Re:

    Couldn't even make it to the last line of the post, huh?

     

    reply to this | link to this | view in thread ]

  3.  
    identicon
    Anonymous Coward, Dec 4th, 2009 @ 7:27am

    We can only hope that our judicial system will begin to use more common sense.

     

    reply to this | link to this | view in thread ]

  4.  
    identicon
    Anonymous Coward, Dec 4th, 2009 @ 7:38am

    Re: Re:

    no i missed the last part.

     

    reply to this | link to this | view in thread ]

  5.  
    icon
    Dark Helmet (profile), Dec 4th, 2009 @ 7:44am

    Question:

    Can rulings like this build a backward precedence for existing patents? I mean, if this type of standard was applied retroactively, isn't there a great many patents on the books that could also be tossed out?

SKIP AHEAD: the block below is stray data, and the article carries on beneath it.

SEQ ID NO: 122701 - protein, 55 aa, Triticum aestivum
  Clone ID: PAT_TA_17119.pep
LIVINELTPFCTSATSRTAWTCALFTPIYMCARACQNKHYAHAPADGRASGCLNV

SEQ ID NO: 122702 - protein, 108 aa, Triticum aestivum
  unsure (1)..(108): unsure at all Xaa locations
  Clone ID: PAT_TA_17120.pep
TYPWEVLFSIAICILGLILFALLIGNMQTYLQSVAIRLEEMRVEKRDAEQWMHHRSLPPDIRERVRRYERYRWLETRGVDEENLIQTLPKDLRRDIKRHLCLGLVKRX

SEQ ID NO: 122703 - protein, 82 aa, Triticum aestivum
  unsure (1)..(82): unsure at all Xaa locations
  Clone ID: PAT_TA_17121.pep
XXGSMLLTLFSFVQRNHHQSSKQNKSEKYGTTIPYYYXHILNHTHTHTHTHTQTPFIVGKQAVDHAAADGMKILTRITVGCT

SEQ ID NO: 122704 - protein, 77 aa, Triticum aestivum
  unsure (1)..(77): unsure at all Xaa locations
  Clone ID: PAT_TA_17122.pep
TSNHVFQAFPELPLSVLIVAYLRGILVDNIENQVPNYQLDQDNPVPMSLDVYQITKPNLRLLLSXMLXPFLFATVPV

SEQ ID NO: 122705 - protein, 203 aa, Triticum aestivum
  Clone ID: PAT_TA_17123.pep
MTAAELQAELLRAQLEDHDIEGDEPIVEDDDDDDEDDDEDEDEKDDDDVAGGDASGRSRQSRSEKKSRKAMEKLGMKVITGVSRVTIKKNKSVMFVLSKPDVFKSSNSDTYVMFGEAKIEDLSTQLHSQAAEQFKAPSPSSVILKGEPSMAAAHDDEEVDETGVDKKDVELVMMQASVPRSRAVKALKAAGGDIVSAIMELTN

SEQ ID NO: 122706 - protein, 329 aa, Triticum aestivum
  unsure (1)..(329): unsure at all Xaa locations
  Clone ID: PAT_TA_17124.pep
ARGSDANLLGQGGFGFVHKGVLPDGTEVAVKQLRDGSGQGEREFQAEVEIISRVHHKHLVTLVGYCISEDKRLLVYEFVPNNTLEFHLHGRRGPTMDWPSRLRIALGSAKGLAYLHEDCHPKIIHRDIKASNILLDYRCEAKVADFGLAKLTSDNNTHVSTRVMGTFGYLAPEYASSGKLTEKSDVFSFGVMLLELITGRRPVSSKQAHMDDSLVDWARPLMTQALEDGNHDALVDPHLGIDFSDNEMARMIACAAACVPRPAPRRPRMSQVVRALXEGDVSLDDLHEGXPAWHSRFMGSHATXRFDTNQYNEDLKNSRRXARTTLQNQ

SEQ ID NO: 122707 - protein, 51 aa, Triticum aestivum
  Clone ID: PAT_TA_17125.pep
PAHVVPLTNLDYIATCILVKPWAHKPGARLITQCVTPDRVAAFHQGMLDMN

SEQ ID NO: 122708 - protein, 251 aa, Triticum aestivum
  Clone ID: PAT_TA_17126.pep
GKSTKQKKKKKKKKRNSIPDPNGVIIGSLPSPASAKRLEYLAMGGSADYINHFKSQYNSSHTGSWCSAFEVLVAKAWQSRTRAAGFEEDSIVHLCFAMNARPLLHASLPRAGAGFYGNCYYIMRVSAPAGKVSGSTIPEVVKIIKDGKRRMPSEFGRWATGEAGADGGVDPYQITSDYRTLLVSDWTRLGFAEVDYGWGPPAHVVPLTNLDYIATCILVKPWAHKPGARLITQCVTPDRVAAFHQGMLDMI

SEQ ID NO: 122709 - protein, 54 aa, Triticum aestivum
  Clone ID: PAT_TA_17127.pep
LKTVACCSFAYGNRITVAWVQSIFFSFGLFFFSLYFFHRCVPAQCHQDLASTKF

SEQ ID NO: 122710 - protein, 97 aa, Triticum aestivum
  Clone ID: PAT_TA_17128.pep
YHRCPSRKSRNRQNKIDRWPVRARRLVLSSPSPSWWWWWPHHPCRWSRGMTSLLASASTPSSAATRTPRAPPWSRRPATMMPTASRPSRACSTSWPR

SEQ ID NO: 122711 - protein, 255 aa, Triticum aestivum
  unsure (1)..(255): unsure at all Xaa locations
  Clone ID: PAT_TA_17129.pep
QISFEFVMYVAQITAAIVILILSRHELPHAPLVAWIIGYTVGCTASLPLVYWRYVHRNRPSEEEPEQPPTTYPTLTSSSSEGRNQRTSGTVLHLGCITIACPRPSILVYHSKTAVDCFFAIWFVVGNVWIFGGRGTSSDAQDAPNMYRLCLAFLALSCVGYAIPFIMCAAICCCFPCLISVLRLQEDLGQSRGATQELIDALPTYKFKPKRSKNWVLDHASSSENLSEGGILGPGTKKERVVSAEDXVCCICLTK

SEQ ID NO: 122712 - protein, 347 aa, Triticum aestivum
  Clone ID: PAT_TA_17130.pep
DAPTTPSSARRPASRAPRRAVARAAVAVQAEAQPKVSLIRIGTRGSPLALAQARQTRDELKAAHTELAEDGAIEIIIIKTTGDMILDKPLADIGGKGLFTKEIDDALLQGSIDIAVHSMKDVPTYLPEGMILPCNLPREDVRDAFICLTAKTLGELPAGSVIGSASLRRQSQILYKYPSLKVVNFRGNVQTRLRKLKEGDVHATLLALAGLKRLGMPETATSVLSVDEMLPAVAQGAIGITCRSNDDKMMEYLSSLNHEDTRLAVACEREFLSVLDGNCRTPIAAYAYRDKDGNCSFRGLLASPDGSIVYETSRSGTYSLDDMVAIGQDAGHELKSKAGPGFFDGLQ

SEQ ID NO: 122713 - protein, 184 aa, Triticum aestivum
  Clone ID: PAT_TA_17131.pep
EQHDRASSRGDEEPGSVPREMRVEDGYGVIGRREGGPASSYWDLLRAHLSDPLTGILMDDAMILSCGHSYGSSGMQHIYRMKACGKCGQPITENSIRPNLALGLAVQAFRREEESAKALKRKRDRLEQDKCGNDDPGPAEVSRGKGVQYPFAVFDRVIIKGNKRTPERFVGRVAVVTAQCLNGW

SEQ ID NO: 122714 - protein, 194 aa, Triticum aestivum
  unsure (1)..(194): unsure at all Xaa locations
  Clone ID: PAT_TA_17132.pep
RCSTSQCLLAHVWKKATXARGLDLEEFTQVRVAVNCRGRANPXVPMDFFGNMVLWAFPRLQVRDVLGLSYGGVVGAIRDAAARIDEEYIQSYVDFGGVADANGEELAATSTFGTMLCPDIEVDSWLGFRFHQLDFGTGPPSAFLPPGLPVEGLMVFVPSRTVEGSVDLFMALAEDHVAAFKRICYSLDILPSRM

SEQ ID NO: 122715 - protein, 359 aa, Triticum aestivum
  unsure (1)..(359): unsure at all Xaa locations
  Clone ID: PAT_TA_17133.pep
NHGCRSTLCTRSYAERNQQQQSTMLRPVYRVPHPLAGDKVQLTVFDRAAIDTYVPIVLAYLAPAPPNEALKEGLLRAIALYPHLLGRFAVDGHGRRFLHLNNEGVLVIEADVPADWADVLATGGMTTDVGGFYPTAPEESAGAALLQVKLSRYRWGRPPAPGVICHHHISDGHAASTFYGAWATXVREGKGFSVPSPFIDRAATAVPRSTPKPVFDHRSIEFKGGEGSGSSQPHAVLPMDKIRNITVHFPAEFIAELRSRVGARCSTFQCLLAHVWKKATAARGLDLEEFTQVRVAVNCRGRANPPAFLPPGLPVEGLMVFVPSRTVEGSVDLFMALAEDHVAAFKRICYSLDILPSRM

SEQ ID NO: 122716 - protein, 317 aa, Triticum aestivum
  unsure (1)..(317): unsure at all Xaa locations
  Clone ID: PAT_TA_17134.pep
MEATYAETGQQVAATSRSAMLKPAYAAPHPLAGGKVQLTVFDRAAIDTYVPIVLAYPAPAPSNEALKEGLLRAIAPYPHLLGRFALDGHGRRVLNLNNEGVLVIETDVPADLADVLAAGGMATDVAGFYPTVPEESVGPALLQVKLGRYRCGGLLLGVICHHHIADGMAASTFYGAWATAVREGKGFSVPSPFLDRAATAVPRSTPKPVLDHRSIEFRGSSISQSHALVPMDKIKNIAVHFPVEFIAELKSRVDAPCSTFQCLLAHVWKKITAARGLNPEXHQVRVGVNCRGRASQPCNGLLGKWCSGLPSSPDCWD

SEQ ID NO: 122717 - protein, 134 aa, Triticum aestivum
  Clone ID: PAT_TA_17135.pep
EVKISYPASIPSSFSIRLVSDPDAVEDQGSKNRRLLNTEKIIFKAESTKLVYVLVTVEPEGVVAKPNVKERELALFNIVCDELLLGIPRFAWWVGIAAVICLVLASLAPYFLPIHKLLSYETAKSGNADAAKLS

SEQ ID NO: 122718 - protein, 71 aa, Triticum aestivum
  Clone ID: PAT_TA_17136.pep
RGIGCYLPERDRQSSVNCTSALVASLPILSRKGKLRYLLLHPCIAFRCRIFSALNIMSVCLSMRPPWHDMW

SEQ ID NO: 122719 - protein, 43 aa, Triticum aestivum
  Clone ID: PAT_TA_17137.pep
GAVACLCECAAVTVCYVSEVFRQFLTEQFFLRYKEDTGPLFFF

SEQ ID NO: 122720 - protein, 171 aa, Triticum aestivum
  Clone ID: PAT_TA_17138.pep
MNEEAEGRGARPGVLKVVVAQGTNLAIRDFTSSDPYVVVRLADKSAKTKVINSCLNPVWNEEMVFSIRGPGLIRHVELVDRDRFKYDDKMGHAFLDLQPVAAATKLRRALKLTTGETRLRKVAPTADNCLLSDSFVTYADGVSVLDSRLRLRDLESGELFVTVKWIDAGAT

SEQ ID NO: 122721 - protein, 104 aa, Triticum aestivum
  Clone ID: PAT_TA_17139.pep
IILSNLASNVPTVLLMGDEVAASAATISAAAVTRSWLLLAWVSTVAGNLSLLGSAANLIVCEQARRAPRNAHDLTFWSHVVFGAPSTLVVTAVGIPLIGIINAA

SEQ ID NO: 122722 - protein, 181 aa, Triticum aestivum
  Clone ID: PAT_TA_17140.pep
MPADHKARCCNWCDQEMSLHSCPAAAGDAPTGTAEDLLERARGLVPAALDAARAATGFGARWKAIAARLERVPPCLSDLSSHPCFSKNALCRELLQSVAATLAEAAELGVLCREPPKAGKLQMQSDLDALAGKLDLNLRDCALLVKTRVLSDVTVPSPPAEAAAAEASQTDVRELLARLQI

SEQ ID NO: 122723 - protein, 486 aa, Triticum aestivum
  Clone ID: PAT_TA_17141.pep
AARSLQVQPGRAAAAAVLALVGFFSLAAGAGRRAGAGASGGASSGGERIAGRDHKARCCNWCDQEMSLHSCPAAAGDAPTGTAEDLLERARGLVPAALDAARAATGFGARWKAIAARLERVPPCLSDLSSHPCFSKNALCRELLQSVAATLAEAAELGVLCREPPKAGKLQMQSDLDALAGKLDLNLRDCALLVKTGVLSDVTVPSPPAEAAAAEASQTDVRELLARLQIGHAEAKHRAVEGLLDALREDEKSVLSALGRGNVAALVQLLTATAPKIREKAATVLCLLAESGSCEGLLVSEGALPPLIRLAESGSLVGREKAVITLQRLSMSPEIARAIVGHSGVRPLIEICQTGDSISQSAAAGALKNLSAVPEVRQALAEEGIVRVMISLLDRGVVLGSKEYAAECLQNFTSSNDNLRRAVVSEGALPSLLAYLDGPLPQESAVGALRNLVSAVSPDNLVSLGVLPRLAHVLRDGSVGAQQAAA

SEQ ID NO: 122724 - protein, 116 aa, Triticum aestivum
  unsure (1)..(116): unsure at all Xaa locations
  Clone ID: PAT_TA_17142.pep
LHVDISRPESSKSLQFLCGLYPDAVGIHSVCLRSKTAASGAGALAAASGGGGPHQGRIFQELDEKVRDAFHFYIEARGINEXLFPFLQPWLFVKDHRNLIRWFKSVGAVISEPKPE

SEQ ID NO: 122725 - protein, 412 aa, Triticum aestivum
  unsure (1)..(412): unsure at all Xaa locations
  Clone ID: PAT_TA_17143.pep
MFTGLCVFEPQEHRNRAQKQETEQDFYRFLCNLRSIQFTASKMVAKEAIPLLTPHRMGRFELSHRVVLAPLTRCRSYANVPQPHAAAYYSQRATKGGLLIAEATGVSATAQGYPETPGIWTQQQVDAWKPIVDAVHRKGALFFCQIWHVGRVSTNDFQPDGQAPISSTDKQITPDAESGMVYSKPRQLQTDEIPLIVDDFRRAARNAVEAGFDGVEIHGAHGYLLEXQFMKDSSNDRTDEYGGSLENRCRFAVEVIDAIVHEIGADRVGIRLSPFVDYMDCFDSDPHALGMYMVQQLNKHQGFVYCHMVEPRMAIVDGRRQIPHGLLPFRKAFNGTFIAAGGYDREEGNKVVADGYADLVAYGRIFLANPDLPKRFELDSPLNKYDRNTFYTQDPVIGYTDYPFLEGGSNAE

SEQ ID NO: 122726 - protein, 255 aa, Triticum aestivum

reply to this | link to this | view in thread ]

  6.  
    icon
    MBraedley (profile), Dec 4th, 2009 @ 7:50am

    Re: Re: Re:

    Please learn to use the shift key, as there are two of them on your keyboard. Also, more use of the 'o' 'n' and 'e' keys would be appreciated.

     

    reply to this | link to this | view in thread ]

  7.  
    icon
    Scott (profile), Dec 4th, 2009 @ 7:52am

    Re: Question:

    A) No that's not how patent law works.

    B) Patents expire anyway so it's less about old patents and more about new patents

     

    reply to this | link to this | view in thread ]

  8.  
    identicon
    Anonymous Coward, Dec 4th, 2009 @ 7:57am

    Re: Question:

    No. The patents would need to either go through re-examination or would need to be litigated.

     

    reply to this | link to this | view in thread ]

  9.  
    icon
    Dark Helmet (profile), Dec 4th, 2009 @ 7:58am

    Re: Re: Re: Re:

    There seems to be a lot of anger on the intertubes today....I like it!